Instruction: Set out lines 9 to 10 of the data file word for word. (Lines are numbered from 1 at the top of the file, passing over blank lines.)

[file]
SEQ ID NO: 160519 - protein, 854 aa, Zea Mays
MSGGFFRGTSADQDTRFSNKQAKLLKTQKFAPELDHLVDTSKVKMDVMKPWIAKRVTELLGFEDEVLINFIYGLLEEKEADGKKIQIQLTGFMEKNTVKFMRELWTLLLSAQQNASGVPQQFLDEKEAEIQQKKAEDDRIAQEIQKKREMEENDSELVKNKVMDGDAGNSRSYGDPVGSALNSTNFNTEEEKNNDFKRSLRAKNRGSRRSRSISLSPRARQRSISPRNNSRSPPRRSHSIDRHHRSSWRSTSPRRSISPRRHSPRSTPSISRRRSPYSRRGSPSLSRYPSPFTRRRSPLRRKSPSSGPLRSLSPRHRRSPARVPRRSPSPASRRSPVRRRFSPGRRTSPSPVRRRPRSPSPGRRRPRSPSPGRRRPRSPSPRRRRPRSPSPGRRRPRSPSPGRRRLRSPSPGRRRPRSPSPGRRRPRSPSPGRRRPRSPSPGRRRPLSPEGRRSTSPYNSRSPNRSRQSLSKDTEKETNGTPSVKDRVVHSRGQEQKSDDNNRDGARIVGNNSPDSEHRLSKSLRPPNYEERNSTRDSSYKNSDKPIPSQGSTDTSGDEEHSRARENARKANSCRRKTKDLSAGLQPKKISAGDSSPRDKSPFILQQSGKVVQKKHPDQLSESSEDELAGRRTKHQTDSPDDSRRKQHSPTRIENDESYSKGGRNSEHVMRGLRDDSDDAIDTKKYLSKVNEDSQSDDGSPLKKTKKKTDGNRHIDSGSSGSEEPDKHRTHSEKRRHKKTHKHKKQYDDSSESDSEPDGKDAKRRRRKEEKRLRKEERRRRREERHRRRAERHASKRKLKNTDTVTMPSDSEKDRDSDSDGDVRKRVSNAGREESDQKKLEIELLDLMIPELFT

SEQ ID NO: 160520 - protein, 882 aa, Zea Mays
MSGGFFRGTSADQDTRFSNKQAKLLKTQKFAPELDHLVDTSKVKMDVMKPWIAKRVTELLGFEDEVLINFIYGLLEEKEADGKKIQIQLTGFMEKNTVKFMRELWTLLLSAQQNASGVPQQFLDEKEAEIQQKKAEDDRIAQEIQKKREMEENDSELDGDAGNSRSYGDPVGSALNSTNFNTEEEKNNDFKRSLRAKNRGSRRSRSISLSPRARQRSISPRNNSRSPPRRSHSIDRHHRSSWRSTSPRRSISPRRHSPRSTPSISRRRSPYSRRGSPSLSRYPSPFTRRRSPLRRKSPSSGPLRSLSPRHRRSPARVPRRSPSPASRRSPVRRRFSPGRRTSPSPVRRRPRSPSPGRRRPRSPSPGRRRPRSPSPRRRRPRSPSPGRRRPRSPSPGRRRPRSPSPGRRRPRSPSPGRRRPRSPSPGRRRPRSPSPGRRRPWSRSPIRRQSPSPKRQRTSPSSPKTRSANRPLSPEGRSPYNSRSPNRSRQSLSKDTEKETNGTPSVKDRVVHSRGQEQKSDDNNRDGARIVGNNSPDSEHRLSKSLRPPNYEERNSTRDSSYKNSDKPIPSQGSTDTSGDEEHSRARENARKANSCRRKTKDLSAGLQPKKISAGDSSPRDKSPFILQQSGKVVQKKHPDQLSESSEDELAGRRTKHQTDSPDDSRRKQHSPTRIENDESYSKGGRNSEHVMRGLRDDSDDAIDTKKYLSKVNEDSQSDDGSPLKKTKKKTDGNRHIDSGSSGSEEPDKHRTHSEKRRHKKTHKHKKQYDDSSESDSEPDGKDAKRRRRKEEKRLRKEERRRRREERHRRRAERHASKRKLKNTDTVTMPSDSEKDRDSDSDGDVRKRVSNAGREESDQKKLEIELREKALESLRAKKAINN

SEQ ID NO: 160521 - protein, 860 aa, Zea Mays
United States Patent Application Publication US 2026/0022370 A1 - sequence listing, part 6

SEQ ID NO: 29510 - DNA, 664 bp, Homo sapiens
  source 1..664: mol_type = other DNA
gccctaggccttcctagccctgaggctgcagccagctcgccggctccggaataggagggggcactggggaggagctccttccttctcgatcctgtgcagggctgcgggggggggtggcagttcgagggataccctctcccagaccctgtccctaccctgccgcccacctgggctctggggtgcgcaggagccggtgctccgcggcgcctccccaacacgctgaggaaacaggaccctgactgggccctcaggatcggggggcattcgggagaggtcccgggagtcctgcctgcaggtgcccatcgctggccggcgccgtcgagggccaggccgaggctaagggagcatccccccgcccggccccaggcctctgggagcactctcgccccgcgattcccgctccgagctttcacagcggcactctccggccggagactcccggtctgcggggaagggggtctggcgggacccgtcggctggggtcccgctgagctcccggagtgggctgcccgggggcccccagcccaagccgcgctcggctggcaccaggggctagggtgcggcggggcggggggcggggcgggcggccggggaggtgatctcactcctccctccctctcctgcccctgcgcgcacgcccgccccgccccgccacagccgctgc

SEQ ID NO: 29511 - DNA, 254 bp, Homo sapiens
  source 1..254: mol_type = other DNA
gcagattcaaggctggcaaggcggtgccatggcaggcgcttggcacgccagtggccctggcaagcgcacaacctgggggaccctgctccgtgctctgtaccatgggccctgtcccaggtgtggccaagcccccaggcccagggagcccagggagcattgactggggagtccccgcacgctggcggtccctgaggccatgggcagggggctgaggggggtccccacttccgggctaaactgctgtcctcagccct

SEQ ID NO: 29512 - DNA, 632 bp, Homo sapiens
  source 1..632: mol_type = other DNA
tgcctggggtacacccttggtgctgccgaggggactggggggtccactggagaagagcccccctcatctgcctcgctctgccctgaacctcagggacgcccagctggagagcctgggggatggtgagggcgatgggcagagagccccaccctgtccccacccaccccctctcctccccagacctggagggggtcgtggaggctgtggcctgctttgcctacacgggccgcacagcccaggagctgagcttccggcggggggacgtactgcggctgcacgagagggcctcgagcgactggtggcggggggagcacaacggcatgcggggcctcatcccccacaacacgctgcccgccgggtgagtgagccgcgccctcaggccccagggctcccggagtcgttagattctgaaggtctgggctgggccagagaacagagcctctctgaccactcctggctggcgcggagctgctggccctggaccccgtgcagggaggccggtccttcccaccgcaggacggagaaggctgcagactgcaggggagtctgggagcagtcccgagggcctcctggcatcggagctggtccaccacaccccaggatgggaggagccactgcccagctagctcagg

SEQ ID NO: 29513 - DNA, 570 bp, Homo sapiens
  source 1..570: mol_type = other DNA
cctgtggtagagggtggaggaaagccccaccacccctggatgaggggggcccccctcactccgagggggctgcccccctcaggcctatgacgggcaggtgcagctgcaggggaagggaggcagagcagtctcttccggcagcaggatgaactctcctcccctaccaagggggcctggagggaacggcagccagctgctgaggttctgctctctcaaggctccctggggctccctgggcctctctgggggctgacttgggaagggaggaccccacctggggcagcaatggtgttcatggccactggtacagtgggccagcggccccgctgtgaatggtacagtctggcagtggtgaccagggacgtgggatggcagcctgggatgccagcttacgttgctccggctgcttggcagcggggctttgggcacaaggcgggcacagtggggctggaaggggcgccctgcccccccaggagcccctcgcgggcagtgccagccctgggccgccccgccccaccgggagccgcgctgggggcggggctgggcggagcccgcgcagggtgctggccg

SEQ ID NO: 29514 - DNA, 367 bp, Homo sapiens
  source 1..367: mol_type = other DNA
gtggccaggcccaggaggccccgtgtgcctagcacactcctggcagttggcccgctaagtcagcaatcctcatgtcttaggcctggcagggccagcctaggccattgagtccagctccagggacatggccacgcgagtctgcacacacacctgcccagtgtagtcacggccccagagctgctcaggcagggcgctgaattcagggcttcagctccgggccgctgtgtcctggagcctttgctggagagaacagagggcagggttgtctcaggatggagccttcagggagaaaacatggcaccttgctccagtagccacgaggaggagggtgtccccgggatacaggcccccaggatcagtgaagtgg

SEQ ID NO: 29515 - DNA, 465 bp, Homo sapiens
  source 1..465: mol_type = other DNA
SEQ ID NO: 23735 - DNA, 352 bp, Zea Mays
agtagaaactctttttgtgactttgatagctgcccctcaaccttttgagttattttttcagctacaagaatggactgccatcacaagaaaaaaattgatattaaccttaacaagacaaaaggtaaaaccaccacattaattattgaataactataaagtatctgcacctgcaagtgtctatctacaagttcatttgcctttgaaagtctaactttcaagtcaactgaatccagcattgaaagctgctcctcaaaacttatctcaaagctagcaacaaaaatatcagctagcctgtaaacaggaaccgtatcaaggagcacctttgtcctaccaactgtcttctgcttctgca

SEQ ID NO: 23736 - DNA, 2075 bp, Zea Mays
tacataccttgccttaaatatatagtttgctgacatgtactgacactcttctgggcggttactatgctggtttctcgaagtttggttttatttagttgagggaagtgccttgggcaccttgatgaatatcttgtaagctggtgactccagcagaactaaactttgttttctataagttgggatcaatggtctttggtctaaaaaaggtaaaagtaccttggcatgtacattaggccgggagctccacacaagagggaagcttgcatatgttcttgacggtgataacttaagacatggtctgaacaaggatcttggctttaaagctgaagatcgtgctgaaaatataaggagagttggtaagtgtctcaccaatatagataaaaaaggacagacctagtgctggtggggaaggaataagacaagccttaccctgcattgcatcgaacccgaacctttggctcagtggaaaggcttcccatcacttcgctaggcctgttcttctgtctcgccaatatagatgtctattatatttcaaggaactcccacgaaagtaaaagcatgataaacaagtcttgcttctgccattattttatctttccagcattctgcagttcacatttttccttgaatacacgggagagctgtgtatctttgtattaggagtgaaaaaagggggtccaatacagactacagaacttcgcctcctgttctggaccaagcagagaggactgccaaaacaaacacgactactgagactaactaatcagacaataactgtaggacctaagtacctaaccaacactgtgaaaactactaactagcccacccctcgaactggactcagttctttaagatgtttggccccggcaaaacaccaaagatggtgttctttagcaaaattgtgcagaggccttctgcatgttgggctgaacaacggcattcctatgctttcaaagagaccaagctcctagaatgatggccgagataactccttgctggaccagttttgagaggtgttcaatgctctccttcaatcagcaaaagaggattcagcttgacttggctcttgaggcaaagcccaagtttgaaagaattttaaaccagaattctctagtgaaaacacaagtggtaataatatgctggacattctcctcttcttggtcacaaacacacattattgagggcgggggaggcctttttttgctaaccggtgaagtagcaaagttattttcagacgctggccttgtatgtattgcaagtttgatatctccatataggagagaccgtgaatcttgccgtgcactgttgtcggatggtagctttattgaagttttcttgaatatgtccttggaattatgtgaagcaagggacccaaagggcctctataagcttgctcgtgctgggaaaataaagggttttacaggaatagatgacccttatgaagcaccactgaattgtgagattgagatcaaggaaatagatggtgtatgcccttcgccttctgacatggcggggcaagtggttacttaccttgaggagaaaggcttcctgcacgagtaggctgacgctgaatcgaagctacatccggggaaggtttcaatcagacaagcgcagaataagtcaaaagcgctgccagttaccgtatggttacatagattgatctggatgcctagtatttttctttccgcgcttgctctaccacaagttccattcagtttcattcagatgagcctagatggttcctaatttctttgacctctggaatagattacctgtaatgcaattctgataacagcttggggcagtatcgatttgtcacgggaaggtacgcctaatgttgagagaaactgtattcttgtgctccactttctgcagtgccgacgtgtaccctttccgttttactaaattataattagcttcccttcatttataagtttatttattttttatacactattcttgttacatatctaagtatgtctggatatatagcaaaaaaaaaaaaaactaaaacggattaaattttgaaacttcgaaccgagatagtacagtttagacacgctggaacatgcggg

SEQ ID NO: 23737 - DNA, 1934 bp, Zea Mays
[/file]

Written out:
gccctaggccttcctagccctgaggctgcagccagctcgccggctccggaataggagggggcactggggaggagctccttccttctcgatcctgtgcagggctgcgggggggggtggcagttcgagggataccctctcccagaccctgtccctaccctgccgcccacctgggctctggggtgcgcaggagccggtgctccgcggcgcctccccaacacgctgaggaaacaggaccctgactgggccctcaggatcggggggcattcgggagaggtcccgggagtcctgcctgcaggtgcccatcgctggccggcgccgtcgagggccaggccgaggctaagggagcatccccccgcccggccccaggcctctgggagcactctcgccccgcgattcccgctccgagctttcacagcggcactctccggccggagactcccggtctgcggggaagggggtctggcgggacccgtcggctggggtcccgctgagctcccggagtgggctgcccgggggcccccagcccaagccgcgctcggctggcaccaggggctagggtgcggcggggcggggggcggggcgggcggccggggaggtgatctcactcctccctccctctcctgcccctgcgcgcacgcccgccccgccccgccacagccgctgc

SEQ ID NO: 29511 - DNA, 254 bp, Homo sapiens